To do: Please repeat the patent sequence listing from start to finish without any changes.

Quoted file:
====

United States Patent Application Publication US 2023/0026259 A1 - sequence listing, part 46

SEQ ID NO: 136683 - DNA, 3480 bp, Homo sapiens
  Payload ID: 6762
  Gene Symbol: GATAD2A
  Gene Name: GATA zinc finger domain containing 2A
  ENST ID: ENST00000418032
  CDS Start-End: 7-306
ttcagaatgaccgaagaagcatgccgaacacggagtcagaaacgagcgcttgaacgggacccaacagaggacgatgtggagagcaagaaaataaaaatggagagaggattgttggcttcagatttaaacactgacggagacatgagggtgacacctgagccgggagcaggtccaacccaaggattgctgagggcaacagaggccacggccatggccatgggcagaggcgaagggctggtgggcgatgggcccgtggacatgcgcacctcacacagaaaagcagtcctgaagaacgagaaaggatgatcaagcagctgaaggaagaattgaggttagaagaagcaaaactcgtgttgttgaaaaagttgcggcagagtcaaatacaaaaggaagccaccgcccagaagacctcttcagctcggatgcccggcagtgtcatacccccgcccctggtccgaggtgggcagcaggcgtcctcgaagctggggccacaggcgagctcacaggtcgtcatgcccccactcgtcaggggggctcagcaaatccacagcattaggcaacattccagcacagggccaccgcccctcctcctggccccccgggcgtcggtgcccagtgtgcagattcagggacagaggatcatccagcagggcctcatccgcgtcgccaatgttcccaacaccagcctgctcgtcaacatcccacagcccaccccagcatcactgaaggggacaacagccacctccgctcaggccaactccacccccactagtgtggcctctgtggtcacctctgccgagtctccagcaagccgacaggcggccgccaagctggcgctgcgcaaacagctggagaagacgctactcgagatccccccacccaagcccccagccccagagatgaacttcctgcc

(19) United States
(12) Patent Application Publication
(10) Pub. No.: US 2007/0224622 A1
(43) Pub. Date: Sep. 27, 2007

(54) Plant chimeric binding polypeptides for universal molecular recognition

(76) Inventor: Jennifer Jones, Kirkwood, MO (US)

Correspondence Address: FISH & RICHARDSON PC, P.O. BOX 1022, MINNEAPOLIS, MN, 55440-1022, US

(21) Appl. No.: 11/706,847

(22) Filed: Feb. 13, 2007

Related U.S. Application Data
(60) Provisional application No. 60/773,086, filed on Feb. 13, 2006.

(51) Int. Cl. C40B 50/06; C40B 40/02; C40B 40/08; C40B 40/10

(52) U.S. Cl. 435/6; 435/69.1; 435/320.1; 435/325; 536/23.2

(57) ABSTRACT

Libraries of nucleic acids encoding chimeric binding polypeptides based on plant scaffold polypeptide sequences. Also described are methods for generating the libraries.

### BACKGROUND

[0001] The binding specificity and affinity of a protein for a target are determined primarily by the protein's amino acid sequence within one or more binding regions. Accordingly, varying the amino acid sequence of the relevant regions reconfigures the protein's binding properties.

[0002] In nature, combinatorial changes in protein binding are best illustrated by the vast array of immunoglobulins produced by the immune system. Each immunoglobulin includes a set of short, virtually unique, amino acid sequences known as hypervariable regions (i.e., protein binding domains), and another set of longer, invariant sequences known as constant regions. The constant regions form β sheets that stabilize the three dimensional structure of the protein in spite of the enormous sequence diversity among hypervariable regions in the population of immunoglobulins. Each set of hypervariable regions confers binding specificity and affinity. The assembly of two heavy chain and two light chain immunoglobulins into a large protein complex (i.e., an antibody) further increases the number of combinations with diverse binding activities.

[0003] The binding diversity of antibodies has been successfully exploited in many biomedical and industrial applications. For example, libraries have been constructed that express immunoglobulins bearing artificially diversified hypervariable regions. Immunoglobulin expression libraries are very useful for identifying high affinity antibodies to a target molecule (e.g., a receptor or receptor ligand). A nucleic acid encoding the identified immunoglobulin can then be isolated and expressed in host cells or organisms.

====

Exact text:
United States Patent Application Publication US 2023/0026259 A1 - sequence listing, part 46

SEQ ID NO: 136683 - DNA, 3480 bp, Homo sapiens
  Payload ID: 6762
  Gene Symbol: GATAD2A
  Gene Name: GATA zinc finger domain containing 2A
  ENST ID: ENST00000418032
  CDS Start-End: 7-306
ttcagaatgaccgaagaagcatgccgaacacggagtcagaaacgagcgcttgaacgggacccaacagaggacgatgtggagagcaagaaaataaaaatggagagaggattgttggcttcagatttaaacactgacggagacatgagggtgacacctgagccgggagcaggtccaacccaaggattgctgagggcaacagaggccacggccatggccatgggcagaggcgaagggctggtgggcgatgggcccgtggacatgcgcacctcacacagaaaagcagtcctgaagaacgagaaaggatgatcaagcagctgaaggaagaattgaggttagaagaagcaaaactcgtgttgttgaaaaagttgcggcagagtcaaatacaaaaggaagccaccgcccagaagacctcttcagctcggatgcccggcagtgtcatacccccgcccctggtccgaggtgggcagcaggcgtcctcgaagctggggccacaggcgagctcacaggtcgtcatgcccccactcgtcaggggggctcagcaaatccacagcattaggcaacattccagcacagggccaccgcccctcctcctggccccccgggcgtcggtgcccagtgtgcagattcagggacagaggatcatccagcagggcctcatccgcgtcgccaatgttcccaacaccagcctgctcgtcaacatcccacagcccaccccagcatcactgaaggggacaacagccacctccgctcaggccaactccacccccactagtgtggcctctgtggtcacctctgccgagtctccagcaagccgacaggcggccgccaagctggcgctgcgcaaacagctggagaagacgctactcgagatccccccacccaagcccccagccccagagatgaacttcctgcc

(19) United States
(12) Patent Application Publication
(10) Pub. No.: US 2007/0224622 A1
(43) Pub. Date: Sep. 27, 2007

(54) Plant chimeric binding polypeptides for universal molecular recognition

(76) Inventor: Jennifer Jones, Kirkwood, MO (US)

Correspondence Address: FISH & RICHARDSON PC, P.O. BOX 1022, MINNEAPOLIS, MN, 55440-1022, US

(21) Appl. No.: 11/706,847

(22) Filed: Feb. 13, 2007

Related U.S. Application Data
(60) Provisional application No. 60/773,086, filed on Feb. 13, 2006.

(51) Int. Cl. C40B 50/06; C40B 40/02; C40B 40/08; C40B 40/10

(52) U.S. Cl. 435/6; 435/69.1; 435/320.1; 435/325; 536/23.2

(57) ABSTRACT

Libraries of nucleic acids encoding chimeric binding polypeptides based on plant scaffold polypeptide sequences. Also described are methods for generating the libraries.

### BACKGROUND

[0001] The binding specificity and affinity of a protein for a target are determined primarily by the protein's amino acid sequence within one or more binding regions. Accordingly, varying the amino acid sequence of the relevant regions reconfigures the protein's binding properties.

[0002] In nature, combinatorial changes in protein binding are best illustrated by the vast array of immunoglobulins produced by the immune system. Each immunoglobulin includes a set of short, virtually unique, amino acid sequences known as hypervariable regions (i.e., protein binding domains), and another set of longer, invariant sequences known as constant regions. The constant regions form β sheets that stabilize the three dimensional structure of the protein in spite of the enormous sequence diversity among hypervariable regions in the population of immunoglobulins. Each set of hypervariable regions confers binding specificity and affinity. The assembly of two heavy chain and two light chain immunoglobulins into a large protein complex (i.e., an antibody) further increases the number of combinations with diverse binding activities.

[0003] The binding diversity of antibodies has been successfully exploited in many biomedical and industrial applications. For example, libraries have been constructed that express immunoglobulins bearing artificially diversified hypervariable regions. Immunoglobulin expression libraries are very useful for identifying high affinity antibodies to a target molecule (e.g., a receptor or receptor ligand). A nucleic acid encoding the identified immunoglobulin can then be isolated and expressed in host cells or organisms.